It was a devastating decision that affected coastal states from Texas to Florida. An earlier decision, in 1947, had a similar affect on California. The ultimate cost to the states estimated as high as $300 billion, according to the late Mike Mansfield, former senator from Montana. Mansfield, writing in the May 4, 1953 Congressional Record, was critical of the decision by the Eisenhower administration to returned title of the submerged land back to the states.

            Eisenhower’s action, which was approved by the House on April and by the Senate on May 5, reversed a proclamation by President Truman in 1945.

Truman, in his Continental Shelf Proclamation, said that federal government had jurisdiction over all the mineral resources in the lands beneath the oceans out to the end of the U.S. Continental Shelf. Immediately after he issued the proclamation, the federal government initiated litigation against the states, claiming sovereignty over all offshore resources. Truman reasserted that position on Jan. 16, 1953, just before leaving office when he issued an executive order that set aside the submerged lands of the Continental Shelf as a naval petroleum reserve.

The issue of tidelands mineral rights didn’t appear of major importance to either Louisiana or the federal governments other than shrimpers and oystermen, until technology progressed sufficiently to drill in offshore waters. In November of 1947, the first such well was completed in 16 feet of water in the Ship Shoal area in the Gulf of Mexico, about 12 miles south of Terrebonne Parish. After that, all bets were off.

            Just as with California, litigation soon followed as the federal government filed suit against both Texas and Louisiana over control of more than four million acres of submerged land. Then, in the early fall of 1948 came one of the biggest negotiating blunders in the history of Louisiana politics that ultimately led to the landmark Supreme Court decision that will in all probability go unnoticed by most on its 60th anniversary on June 5.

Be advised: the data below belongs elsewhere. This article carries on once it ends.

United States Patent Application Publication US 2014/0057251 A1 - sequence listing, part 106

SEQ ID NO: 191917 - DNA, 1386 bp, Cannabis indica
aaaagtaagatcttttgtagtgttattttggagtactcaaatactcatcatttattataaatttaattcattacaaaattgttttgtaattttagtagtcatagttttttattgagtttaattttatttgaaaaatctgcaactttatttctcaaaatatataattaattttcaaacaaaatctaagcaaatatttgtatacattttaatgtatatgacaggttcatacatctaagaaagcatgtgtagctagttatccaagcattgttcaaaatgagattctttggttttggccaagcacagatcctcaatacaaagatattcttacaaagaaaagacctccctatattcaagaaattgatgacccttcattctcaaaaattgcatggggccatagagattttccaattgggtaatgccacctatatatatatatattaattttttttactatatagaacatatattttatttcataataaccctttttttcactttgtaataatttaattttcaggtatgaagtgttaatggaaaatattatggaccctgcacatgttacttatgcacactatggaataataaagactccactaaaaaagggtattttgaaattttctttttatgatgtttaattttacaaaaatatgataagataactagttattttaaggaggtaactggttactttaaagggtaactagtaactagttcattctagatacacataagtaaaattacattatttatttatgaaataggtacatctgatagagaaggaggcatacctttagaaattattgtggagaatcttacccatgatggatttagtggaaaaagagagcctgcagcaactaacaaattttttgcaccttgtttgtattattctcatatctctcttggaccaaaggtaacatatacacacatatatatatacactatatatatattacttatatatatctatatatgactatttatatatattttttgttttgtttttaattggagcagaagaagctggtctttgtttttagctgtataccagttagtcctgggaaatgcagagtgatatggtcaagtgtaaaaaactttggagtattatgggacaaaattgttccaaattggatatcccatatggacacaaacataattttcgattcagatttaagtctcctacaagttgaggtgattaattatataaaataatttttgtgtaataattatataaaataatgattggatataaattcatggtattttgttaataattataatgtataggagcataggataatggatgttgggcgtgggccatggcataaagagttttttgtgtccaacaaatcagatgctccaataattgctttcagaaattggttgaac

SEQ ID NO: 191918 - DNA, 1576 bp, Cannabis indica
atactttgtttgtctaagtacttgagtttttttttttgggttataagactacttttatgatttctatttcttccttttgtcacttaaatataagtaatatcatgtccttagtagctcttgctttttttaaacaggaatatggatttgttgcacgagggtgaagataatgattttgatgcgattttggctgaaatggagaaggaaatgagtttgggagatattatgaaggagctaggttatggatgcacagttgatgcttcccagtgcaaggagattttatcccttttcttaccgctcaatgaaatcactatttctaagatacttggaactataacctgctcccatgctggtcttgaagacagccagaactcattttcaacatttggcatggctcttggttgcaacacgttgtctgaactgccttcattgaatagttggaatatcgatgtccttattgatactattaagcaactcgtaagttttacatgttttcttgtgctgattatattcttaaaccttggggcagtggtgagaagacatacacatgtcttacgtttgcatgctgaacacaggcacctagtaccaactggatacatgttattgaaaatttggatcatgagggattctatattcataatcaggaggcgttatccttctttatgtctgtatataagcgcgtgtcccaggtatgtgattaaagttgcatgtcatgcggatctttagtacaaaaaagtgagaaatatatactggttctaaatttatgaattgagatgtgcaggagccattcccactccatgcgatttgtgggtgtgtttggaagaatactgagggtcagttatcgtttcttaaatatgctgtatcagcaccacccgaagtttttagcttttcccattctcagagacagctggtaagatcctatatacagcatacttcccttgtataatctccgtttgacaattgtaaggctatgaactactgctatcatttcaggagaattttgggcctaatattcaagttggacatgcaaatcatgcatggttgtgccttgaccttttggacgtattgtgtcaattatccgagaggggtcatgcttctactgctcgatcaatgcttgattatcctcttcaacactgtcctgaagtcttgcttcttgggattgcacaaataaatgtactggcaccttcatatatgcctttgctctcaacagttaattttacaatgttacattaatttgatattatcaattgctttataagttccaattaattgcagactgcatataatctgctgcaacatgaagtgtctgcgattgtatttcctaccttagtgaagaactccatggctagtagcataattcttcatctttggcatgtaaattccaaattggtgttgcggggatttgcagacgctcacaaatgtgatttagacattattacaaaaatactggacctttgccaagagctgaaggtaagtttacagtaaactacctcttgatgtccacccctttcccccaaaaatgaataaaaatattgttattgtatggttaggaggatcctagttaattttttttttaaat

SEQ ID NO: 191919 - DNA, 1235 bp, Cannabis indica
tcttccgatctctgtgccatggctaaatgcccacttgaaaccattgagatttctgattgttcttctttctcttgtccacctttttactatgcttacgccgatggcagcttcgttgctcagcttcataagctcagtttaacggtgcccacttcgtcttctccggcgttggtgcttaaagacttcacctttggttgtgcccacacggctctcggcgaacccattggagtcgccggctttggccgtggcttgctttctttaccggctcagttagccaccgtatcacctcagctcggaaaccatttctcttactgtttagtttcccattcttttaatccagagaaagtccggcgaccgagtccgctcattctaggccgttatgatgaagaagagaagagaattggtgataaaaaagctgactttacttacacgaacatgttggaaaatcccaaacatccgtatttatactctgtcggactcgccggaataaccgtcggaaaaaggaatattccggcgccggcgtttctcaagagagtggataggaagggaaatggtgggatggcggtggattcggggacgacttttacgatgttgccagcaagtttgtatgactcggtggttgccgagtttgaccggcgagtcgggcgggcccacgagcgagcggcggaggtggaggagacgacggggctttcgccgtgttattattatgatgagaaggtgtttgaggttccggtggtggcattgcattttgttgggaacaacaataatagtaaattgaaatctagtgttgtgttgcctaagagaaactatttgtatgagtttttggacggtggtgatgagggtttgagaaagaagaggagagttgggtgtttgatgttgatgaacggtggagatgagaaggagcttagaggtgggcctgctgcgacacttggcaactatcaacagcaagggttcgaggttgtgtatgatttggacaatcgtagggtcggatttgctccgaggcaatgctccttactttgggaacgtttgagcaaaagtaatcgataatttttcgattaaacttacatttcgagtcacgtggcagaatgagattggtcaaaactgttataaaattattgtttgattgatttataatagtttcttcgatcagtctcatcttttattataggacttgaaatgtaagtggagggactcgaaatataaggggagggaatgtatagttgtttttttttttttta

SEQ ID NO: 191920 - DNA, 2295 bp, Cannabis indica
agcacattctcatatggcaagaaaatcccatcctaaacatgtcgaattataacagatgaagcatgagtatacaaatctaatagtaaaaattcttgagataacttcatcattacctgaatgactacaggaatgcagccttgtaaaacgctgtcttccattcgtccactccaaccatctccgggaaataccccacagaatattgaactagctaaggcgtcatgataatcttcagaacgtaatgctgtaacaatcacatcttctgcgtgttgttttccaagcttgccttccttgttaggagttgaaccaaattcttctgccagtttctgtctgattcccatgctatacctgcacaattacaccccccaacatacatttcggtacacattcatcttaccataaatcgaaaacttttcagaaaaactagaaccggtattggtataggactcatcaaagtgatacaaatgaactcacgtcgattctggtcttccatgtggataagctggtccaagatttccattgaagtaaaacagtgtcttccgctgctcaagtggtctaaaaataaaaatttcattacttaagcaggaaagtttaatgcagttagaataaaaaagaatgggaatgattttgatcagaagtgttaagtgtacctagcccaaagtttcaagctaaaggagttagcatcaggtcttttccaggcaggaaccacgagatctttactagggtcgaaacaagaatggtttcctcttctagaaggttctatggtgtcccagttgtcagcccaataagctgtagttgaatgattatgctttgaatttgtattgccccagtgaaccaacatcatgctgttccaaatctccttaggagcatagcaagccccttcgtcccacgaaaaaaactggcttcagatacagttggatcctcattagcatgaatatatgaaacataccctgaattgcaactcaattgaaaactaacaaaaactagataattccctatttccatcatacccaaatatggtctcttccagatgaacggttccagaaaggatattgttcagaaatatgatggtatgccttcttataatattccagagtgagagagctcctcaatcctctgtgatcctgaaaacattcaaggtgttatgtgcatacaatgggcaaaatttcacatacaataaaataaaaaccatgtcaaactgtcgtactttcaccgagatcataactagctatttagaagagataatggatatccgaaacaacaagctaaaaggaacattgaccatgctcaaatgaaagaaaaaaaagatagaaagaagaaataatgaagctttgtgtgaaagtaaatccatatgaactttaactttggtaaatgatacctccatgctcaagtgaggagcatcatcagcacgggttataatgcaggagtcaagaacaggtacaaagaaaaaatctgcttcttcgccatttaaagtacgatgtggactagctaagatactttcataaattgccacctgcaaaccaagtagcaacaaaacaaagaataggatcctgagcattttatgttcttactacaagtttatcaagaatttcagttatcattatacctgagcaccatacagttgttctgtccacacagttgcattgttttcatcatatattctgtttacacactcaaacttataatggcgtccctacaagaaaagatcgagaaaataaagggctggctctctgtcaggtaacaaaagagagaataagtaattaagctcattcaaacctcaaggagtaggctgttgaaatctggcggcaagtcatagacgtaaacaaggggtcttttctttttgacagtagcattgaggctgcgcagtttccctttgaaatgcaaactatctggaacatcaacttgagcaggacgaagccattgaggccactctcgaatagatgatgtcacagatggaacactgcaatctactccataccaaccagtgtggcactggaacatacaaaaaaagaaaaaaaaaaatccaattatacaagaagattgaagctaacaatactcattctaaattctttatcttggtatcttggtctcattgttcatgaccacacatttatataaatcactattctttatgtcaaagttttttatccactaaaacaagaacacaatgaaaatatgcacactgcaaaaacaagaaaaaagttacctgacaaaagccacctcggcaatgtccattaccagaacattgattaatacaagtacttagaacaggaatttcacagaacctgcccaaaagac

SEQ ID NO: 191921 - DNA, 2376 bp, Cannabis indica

The players included President Truman, Speaker of the U.S. House Sam Rayburn, Gov. Earl K. Long, Lt. Gov. Bill Dodd, and Plaquemines Parish boss Leander Perez. Lurking in the shadows was the man who would emerge central to the decision by Long to refuse a generous offer from Truman that would cost Louisiana upwards of $100 billion, according to Dodd. That man was 29-year-old Russell Long, Earl’s nephew and the son of Huey P. Long.

            Dodd, in his book Peapatch Politics, laid out the details of a deal gone bad as a result of Russell Long’s political ambitions and Perez’s determination to protect his questionable control of mineral-rich Plaquemines Parish with Earl Long and Dodd caught in the tug-of-war between the federal government and Louisiana.

            In 1948, Russell Long was a candidate for the U.S. Senate. Perez, who was also head of the Democratic State Central Committee, ran his own less sophisticated but equally prosperous version of Huey’s old Win or Lose Oil Company in Plaquemines and, according to Dodd, was not above a little blackmail and extortion to protect his fiefdom. Rayburn was Truman’s emissary who was instructed by the president to make what in hindsight was a more than generous offer to Louisiana to settle the federal lawsuit against the state.